Wednesday, 29 July 2015

Five Imp Verdicts On S. 271(1)(c) Penalty, S. 221 TDS Penalty, Strictures On Advocates And Top Brass Of Dept Etc


CIT vs. Dalmia Dyechem Industries (Bombay High Court)


S. 271(1)(c): The rigors of penalty provisions cannot be diluted only because a small number of cases are picked up for scrutiny. No penalty can be levied unless if assessee's conduct is "dishonest, malafide and amounting concealment of facts". The AO must render the "conclusive finding" that there was "active concealment" or "deliberate furnishing of inaccurate particulars"

Conditions under Section 271(1)(c) must exist before the penalty can be imposed. Mr.Chhotaray tried to widen the scope of the appeal by submitting that the decision of the Apex Court should be interpreted in such a manner that there is no scope of misuse especially since minuscule number of cases are picked up for scrutiny. Because small number of cases are picked up for scrutiny does not mean that rigors of the provision are diluted. Whether a particular person has concealed income or has deliberately furnished inaccurate particulars, would depend on facts of each case

 

Reliance Industries Ltd vs. CIT (Bombay High Court)


S. 221: Penalty for failure to pay TDS in time can be levied even if the assessee voluntarily pays the TDS. Financial hardship, diverse locations and lack of computerization are not good excuses. The fact that CIT(A) decided in favour of the assessee & deleted the penalty does not necessarily mean that two views are possible

Parliament treats a person who has deducted the tax and fails to pay it to revenue as a class different from a person who has not deducted the tax and also not deposited the tax with revenue. This is for the reason that in the first class of cases the assessee concerned after deducting the tax, keep the money so deducted which belongs to another person for its own use. In the second class of cases, the assessee concerned does not take any advantage as he pays the entire amount to the payee without deducting any tax and does not enrich itself at the cost of the government. Therefore, although penalty is also imposable in the second class of cases, yet in view of the proviso to Section 201(1) of the Act, it is open to such assessee to satisfy the Assessing Officer that as they have good and sufficient reasons no penalty is imposable. It is in the above view that in the first class of assessees the Parliament has provided for prosecution under Section 276B of the Act for failing the pay the tax deducted at source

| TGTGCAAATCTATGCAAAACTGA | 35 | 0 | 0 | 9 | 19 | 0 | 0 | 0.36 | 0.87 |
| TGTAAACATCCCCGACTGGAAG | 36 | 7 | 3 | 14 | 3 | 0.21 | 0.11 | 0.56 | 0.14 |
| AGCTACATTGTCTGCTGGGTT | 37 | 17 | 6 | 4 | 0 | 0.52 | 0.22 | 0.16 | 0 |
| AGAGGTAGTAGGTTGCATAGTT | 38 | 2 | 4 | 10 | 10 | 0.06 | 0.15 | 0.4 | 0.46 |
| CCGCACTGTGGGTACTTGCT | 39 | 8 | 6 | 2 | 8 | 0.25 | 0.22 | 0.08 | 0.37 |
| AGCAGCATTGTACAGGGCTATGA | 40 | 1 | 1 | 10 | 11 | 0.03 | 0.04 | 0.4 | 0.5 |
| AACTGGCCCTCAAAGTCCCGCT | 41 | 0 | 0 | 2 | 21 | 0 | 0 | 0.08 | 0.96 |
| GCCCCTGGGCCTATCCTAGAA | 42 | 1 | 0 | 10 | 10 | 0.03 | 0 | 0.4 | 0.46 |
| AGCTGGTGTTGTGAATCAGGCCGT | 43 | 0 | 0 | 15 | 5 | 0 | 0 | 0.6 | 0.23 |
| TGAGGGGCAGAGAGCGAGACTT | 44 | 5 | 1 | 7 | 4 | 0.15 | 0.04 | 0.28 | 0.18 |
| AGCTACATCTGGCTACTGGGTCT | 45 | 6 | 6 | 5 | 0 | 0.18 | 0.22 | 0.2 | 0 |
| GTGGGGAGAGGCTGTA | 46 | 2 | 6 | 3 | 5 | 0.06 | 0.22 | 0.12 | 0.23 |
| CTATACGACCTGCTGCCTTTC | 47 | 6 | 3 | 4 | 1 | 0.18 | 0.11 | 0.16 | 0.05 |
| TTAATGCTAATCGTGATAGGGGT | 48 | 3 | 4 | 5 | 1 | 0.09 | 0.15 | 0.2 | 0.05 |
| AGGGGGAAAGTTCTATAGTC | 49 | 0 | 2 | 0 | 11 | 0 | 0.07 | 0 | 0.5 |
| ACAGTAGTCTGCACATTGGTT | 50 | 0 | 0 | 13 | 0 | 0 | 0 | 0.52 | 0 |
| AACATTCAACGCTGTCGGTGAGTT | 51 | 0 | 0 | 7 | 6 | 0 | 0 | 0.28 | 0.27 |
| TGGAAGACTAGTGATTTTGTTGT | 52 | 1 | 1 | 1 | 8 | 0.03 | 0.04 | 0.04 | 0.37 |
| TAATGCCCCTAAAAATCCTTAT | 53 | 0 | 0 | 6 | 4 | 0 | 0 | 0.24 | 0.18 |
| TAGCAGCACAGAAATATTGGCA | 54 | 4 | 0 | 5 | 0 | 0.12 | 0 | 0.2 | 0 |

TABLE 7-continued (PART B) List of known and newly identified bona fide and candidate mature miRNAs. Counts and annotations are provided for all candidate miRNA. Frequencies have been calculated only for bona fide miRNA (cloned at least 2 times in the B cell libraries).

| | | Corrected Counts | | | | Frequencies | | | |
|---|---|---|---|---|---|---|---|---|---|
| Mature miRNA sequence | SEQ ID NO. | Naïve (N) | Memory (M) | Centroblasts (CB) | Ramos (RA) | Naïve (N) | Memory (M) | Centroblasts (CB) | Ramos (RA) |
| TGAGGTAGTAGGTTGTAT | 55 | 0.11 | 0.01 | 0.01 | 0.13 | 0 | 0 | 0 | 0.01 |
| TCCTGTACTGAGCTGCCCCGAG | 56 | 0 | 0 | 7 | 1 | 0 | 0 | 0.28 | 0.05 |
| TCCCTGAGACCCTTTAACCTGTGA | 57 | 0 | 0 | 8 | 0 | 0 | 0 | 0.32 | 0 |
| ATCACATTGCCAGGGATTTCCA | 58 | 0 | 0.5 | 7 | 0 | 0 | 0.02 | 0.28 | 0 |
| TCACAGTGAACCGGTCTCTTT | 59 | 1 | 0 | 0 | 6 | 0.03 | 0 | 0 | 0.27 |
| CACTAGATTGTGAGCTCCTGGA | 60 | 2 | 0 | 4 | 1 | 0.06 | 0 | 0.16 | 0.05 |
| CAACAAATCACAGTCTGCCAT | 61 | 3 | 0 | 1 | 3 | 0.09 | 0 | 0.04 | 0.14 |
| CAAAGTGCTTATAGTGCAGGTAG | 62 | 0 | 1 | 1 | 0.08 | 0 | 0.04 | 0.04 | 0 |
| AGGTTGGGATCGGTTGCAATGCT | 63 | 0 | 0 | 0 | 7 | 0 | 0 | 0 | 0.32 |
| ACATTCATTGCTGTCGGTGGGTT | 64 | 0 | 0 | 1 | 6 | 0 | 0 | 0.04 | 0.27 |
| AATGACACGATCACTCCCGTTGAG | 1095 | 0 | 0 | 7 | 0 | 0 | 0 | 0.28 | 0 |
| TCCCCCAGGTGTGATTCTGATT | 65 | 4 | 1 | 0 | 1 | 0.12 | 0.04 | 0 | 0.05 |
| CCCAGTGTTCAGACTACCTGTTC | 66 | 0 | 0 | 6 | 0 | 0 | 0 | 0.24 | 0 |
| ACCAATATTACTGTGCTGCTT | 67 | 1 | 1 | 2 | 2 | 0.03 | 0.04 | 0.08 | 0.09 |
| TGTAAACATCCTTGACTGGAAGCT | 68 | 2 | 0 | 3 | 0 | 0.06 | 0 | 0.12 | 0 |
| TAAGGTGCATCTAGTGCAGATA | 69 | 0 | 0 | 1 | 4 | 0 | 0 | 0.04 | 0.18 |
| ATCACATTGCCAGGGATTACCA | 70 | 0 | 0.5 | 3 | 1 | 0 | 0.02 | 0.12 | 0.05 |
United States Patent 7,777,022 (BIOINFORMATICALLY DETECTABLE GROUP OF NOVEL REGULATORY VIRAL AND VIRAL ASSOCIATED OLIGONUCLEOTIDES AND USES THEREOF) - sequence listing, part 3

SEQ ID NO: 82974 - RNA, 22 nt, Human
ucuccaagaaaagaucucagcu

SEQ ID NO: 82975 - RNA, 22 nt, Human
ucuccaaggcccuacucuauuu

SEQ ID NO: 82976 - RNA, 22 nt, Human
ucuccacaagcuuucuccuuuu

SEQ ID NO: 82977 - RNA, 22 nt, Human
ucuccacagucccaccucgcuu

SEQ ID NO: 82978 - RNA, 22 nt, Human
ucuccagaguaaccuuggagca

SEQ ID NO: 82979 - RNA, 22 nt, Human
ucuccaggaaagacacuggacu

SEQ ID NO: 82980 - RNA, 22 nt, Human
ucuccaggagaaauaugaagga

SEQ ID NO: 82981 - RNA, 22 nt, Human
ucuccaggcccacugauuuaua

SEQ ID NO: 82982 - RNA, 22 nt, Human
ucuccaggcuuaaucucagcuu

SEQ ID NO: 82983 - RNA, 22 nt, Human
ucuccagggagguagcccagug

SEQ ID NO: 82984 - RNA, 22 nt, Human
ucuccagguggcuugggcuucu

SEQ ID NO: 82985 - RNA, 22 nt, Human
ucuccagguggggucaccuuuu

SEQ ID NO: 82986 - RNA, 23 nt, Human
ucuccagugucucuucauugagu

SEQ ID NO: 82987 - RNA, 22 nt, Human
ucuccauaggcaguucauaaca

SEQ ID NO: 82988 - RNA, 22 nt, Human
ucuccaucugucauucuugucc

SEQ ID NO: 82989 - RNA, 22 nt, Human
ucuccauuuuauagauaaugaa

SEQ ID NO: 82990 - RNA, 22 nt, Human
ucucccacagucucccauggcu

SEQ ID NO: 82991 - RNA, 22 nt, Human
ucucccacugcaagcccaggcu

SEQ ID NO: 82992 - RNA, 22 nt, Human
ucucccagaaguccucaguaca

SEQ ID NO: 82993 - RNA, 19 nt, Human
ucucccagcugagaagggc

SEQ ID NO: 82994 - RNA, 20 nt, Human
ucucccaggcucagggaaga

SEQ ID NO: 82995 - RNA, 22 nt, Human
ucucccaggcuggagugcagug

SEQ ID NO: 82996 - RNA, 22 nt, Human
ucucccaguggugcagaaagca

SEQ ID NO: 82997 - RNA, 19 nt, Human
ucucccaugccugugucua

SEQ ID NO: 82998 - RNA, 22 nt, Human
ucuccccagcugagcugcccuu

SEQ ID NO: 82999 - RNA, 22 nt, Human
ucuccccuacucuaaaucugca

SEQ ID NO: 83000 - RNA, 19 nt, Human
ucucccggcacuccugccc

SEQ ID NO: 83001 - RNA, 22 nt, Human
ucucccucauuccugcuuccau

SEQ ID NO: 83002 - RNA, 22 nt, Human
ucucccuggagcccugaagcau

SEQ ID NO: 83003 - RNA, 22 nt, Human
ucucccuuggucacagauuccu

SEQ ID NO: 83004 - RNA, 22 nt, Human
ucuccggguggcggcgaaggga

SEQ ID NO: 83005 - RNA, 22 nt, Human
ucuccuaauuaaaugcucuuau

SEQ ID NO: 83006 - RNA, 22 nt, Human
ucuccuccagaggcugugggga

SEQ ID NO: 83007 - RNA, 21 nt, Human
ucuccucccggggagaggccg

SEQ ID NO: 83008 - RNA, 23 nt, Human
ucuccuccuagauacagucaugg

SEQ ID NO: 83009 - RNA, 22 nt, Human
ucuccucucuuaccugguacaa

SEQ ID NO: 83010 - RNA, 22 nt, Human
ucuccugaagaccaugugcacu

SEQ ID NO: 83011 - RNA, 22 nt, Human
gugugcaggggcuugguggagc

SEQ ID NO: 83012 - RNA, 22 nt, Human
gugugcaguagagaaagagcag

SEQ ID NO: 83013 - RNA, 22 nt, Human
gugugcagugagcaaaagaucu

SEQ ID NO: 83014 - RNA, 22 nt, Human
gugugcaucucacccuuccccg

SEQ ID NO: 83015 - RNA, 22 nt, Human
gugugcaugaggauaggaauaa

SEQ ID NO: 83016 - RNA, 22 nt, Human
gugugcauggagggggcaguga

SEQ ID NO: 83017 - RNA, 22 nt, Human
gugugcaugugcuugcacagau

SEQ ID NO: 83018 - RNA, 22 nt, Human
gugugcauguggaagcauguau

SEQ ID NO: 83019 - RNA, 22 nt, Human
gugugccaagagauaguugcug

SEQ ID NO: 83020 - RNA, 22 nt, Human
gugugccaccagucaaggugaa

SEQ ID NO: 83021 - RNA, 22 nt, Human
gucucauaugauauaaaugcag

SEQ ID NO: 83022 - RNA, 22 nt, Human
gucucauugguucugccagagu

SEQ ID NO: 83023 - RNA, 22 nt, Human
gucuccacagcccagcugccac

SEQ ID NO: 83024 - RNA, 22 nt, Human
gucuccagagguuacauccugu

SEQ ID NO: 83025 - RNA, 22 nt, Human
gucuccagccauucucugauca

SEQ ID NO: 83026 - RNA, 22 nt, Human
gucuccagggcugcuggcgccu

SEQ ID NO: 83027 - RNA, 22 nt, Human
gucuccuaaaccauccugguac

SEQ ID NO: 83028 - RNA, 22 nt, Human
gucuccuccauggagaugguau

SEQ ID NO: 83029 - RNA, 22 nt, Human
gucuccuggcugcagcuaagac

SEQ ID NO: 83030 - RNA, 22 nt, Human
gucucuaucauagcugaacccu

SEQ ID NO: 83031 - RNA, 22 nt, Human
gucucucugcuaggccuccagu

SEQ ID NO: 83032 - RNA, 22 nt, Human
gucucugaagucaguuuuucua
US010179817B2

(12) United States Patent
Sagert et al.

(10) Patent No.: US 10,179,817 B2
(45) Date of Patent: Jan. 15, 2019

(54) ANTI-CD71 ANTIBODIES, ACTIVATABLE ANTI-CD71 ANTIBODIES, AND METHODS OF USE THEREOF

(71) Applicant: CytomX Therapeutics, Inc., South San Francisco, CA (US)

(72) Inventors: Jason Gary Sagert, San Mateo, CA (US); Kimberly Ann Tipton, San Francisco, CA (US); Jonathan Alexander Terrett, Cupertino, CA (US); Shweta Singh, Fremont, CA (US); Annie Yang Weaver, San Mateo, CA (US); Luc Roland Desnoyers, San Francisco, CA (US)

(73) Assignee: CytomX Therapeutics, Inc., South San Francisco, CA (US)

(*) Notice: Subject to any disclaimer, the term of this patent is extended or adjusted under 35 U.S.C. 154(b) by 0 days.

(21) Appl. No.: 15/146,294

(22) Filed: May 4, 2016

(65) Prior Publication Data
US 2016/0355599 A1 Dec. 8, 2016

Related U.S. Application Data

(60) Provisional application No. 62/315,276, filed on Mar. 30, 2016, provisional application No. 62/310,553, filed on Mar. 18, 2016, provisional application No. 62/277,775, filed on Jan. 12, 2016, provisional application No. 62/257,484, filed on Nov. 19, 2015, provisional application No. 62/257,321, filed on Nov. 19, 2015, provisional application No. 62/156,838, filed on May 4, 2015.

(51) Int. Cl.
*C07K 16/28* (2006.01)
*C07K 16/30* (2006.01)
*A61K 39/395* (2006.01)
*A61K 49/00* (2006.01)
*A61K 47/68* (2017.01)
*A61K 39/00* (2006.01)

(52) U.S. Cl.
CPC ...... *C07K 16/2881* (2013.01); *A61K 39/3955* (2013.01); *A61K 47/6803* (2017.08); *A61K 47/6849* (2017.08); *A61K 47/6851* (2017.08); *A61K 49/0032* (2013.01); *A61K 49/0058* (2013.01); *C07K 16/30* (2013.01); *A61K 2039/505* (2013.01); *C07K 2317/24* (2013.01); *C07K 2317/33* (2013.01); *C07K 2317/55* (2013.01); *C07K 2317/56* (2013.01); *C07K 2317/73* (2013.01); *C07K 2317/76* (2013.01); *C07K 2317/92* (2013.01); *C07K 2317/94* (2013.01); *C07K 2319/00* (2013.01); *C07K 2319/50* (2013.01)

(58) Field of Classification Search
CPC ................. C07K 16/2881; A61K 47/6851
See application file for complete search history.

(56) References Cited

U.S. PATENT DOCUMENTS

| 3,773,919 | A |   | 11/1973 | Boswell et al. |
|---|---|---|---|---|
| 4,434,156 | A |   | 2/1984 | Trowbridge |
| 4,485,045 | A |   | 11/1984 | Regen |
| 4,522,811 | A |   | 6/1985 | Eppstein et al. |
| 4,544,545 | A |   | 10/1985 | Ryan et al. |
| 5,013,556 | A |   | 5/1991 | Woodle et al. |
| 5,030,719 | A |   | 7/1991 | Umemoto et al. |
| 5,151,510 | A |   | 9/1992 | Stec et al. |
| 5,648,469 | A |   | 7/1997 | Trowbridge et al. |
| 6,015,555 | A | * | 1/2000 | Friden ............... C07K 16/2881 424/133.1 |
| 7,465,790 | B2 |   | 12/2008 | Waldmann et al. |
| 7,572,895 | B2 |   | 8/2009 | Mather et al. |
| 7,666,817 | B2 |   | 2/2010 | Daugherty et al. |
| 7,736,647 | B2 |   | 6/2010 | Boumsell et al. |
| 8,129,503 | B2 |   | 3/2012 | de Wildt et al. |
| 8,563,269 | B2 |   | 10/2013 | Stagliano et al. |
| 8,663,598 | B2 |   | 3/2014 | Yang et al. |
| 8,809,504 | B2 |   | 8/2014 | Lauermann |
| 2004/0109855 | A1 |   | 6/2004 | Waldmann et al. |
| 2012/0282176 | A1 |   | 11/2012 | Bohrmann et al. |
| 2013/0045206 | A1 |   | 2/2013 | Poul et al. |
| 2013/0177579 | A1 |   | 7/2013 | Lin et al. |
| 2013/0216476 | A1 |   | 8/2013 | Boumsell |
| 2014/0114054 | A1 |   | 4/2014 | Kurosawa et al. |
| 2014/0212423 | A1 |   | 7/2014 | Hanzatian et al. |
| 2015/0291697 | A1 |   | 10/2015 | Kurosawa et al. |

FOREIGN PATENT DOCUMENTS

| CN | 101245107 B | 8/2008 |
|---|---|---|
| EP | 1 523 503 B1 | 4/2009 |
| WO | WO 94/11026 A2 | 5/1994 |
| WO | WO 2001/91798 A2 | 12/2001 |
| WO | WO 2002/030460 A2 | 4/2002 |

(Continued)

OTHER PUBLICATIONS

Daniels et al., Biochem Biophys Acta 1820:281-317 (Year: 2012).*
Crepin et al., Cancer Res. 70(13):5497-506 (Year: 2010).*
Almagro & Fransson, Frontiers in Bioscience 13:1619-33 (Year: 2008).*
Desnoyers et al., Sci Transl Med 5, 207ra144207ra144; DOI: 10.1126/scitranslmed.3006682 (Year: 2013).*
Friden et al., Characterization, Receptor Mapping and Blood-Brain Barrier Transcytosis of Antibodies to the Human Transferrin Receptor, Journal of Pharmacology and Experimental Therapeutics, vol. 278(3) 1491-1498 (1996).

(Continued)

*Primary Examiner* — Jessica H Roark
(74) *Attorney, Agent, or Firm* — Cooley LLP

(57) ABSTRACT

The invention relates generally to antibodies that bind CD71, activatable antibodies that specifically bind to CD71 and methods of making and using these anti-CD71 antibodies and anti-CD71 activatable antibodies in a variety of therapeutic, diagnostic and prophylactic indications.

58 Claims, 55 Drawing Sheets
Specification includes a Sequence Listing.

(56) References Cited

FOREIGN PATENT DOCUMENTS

DIT vs. Credit Agricole Indosuez (Bombay High Court) (No. 1)


Strictures passed regarding the "casual and callous" and "frivolous" manner in which senior officers of the dept authorize filing of appeals. Strictures also passed against counsel for acting as a "mouthpiece" of the Dept in persisting with unmeritorious appeals. CBDT directed to take appropriate action

Undoubtedly, an Advocate has to fearlessly put forth his client’s point of view, however the same has to be tempered /guided by truth and justice of the dispute. In matters of tax, justice requires that there must be certainty of law which presupposes equal application of law. Thus where the issue in controversy stands settled by decisions of this Court or the Tribunal in any other case and the Revenue has accepted that decision, then in that event the Revenue ought not to agitate the issue further unless there is some cogent justification such as change in law or some later decision of an higher forum etc

 

DIT vs. Credit Agricole Indosuez (Bombay High Court) (No. 2)


S. 244A: Interest on income-tax refund received by a non-resident is not effectively connected with the PE (Permanent Establishment) either on asset test or activity test. Accordingly such interest cannot be assessed as business profits but has to be assessed as "interest" under Article 11/ 12

Interest on income tax refund is not effectively connected with the PE (Permanent Establishment) either on asset test or activity test. Therefore, taxable under the Article 11(2) of Indo Netherlands tax treaty

 

CIT vs. Bisleri Sales Ltd (Bombay High Court)


S. 28(va)/ 115JA: non-compete consideration received prior to insertion of s. 28(va) is not taxable. Amount credited to reserves without a corresponding debit to the P&L A/c cannot be added to the "book profits"

To invoke clause (b) of the Explanation below Section 115JB (identical to Section 115JA) of the Act, two conditions must be satisfied cumulatively viz. there must be a debit of the amount to the Profit and loss account and the amount so debited must be carried to Reserves. Admitted position in this case is that there is no debit to the Profit and loss account of the amount of Reserves. The impugned order has in view of the self evident position taken a view that in the absence of the amount being debited to Profit and Loss account and taken directly to the reserve account in the balance sheet, the book profits as declared under the Profit and Loss account cannot be tampered with

No comments: